There are numerous reasons as to why individuals as well as institutions invest in gold. However, the more predominant reasons to invest in gold are due to the lack of confidence in currencies and geopolitical uncertainty.
These two factors (currency instability and geopolitical uncertainty) in actual fact encompasses the entire financial system of the world and thus must gold buyers prefer to buy gold and store them as savings instead of keeping currencies in their accounts when economic uncertainties become imminent.
Nevertheless, although gold typically ‘stores’ the purchasing power of the owner, it rarely provides returns in terms of profit and as a matter of fact keeping gold instead of currency has its own set of costs that usually come in the form of storage and insurance – especially when it come to physical gold.
As an alternative many enterprises and individuals opt for electronic gold or paper gold which eliminates the cost factor and offers faster liquidity in the event of a global financial meltdown. Lately however, gold in any other form besides its physical form is quickly becoming unpopular due to the realisation that there isn’t enough gold to go around in the ‘virtual markets’.
As of 2016 according to statistics the total net worth of paper and electronic gold is in excess of 1 quadrillion dollars when in actual fact the total amount of physical gold available is somewhere around 7 and 9 trillion dollars. This aspect has initiated a reverse trend in the precious metals markets as investors convert or liquidate their ‘virtual gold’ which saw the prices of gold sliding despite heavy buying of physical gold.
The selling rally seems to have come to a standstill after the announcement by Great Britain that it will be excluded from the EU.
As an inflationary hedge, gold does its part seemingly well as most investors deem precious metals as a safe haven when economies seem to falter.
For instance when Greece’s credit crisis unveiled a myriad of economical ‘speed bumps’ for the Euro region, it became the primary driver for physical gold demand from Germany which saw the prices of gold rallying to almost 1,200 USD which in turn prompted ‘paper gold’ owners to sell – effectively stemming the rally and pushing the prices of gold back down.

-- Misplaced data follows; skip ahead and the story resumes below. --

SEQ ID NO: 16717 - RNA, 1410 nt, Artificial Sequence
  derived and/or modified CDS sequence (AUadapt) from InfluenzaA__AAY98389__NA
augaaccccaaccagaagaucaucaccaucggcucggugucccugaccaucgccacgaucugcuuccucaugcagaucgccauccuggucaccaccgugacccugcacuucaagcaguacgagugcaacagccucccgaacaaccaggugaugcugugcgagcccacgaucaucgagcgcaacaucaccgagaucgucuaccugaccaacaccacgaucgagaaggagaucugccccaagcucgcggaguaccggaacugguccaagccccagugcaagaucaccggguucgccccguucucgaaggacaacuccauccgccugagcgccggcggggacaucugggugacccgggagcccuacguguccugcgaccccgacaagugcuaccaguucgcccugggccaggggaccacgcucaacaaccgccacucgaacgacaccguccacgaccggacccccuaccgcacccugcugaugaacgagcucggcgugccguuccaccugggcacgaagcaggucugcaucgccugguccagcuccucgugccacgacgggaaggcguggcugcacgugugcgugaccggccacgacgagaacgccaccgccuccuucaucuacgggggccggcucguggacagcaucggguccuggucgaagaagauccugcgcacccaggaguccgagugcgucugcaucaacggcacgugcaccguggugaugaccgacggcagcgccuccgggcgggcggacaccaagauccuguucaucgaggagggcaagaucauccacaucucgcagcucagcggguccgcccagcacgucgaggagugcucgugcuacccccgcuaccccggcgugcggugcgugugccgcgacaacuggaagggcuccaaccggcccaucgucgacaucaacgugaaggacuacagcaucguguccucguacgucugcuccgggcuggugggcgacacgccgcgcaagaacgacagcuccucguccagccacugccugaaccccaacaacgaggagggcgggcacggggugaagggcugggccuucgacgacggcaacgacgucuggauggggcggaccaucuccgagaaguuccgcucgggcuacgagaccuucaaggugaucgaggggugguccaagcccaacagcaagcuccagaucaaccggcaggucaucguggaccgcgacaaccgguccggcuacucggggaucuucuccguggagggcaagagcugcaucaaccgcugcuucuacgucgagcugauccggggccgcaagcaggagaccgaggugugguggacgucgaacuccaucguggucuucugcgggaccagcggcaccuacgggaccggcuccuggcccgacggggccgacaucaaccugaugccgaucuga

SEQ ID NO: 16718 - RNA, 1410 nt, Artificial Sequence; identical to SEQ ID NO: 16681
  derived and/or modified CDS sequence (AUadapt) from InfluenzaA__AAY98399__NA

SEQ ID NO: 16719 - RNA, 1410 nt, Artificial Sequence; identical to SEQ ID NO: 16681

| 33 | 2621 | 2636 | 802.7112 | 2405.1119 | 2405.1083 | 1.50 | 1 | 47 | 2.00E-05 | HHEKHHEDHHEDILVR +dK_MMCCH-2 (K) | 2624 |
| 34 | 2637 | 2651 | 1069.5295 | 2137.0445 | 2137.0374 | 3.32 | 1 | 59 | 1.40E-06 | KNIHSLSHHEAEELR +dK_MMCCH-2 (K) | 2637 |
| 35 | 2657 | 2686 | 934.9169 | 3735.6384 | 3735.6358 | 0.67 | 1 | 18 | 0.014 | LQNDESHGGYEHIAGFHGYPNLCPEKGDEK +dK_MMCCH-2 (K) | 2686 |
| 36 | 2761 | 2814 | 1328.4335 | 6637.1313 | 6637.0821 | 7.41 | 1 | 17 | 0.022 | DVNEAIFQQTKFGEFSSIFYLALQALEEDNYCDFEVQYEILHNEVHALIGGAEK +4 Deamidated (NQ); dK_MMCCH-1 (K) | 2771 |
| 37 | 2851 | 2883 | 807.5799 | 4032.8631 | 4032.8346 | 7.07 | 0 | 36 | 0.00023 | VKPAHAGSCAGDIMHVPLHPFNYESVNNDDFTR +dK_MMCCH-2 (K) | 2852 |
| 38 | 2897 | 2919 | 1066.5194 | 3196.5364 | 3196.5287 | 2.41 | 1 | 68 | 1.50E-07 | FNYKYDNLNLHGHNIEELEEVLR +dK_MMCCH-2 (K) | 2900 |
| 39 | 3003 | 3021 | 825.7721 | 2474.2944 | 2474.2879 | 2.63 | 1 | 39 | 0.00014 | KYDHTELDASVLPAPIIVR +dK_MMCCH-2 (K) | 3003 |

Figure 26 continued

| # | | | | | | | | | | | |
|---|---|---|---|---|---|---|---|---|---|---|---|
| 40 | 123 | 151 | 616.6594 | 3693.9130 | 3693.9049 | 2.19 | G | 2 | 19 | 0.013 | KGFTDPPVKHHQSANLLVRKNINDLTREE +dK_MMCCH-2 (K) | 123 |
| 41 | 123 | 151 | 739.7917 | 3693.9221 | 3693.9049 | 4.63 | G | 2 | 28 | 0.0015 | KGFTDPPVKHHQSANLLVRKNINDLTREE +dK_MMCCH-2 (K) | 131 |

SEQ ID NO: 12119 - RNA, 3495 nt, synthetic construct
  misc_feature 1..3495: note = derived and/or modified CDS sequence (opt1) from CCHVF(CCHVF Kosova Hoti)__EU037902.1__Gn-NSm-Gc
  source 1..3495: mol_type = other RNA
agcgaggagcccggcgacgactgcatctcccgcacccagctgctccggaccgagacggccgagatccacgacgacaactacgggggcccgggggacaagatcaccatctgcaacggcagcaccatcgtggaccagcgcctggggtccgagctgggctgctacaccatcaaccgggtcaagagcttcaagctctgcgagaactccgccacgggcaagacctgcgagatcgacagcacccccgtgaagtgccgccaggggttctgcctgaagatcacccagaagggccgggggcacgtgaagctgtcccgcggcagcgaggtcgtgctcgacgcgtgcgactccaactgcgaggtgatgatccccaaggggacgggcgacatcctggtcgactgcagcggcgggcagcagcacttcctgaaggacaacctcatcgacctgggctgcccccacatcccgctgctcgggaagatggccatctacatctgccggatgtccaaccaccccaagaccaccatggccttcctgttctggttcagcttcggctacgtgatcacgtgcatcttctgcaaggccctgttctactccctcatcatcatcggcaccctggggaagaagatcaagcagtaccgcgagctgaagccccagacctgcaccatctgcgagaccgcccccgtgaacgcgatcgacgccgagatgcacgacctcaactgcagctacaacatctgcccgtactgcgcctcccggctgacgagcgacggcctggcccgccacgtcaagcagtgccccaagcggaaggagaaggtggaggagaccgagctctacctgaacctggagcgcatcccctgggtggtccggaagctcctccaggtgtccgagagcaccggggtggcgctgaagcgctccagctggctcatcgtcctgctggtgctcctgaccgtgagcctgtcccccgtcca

This cat and mouse game between physical precious metal owners and ‘virtual gold’ owners have destabilised the conventional impression that gold is a safe haven as currently due to the immense volume of virtual gold floating in the market – ‘the scarcity’ of gold factor has been greatly diminished, unseating the gold buyers position of being ‘safe’ from inflation to a significant degree.
The reason for this is partly due to the fact that the prices of ‘virtual gold’ are influenced by the global gold market prices, which makes it an influential market determinant of physical gold prices.
Most market punters however still hold on to the belief that when markets come crashing down as they are already seeming to (market repositioning) the re-evaluations would trigger a gold price rally that would balance out their investment portfolio based on the fact that whatever they lose on other commodities will be set as gains in the precious metal markets.
Gold from an economics standpoint
From an economic perspective, gold buyers expect gold price to rise when the demand for gold is higher, but this is not always the case due to the fact even when the demand for gold increases, other market factors take precedence over the precious metal markets. For instance the capital market is almost most certainly the biggest ‘interest diverter’ from the precious metal market.
Largely due to the attractive margins offered by capital markets often cause investors to switch their investments into capital markets as it is seen as profitable entity rather than a ‘safe entity’ as gold is. The capital markets often provide vast returns in comparison to gold and governmental interventions often favour capital market growth more than any other markets due to its relevance to the entire country’s economic growth.
Capital markets are considered to be the engines of economic growth only because they are. In contrast when investors switch to gold, the capital markets are starved of funds which in turn would cause the credit providers to tighten the ‘lending belt’ which in turn would have a drastic impact on spending.
The resultant chain reaction will eventually seep into household spending which would cause the entire economy to become sluggish. It is due to this reason that each time economies move into a ‘sluggish zone’ and investors start moving their funds into the precious metal markets, governments increase interest rates in order to attract investors back into the capital markets.
These interest rate hikes have a tremendous effect on gold buyers as they are left with a choice to leave their money invested in gold and earn no returns or move their funds back into the capital markets and earn returns which could go both ways.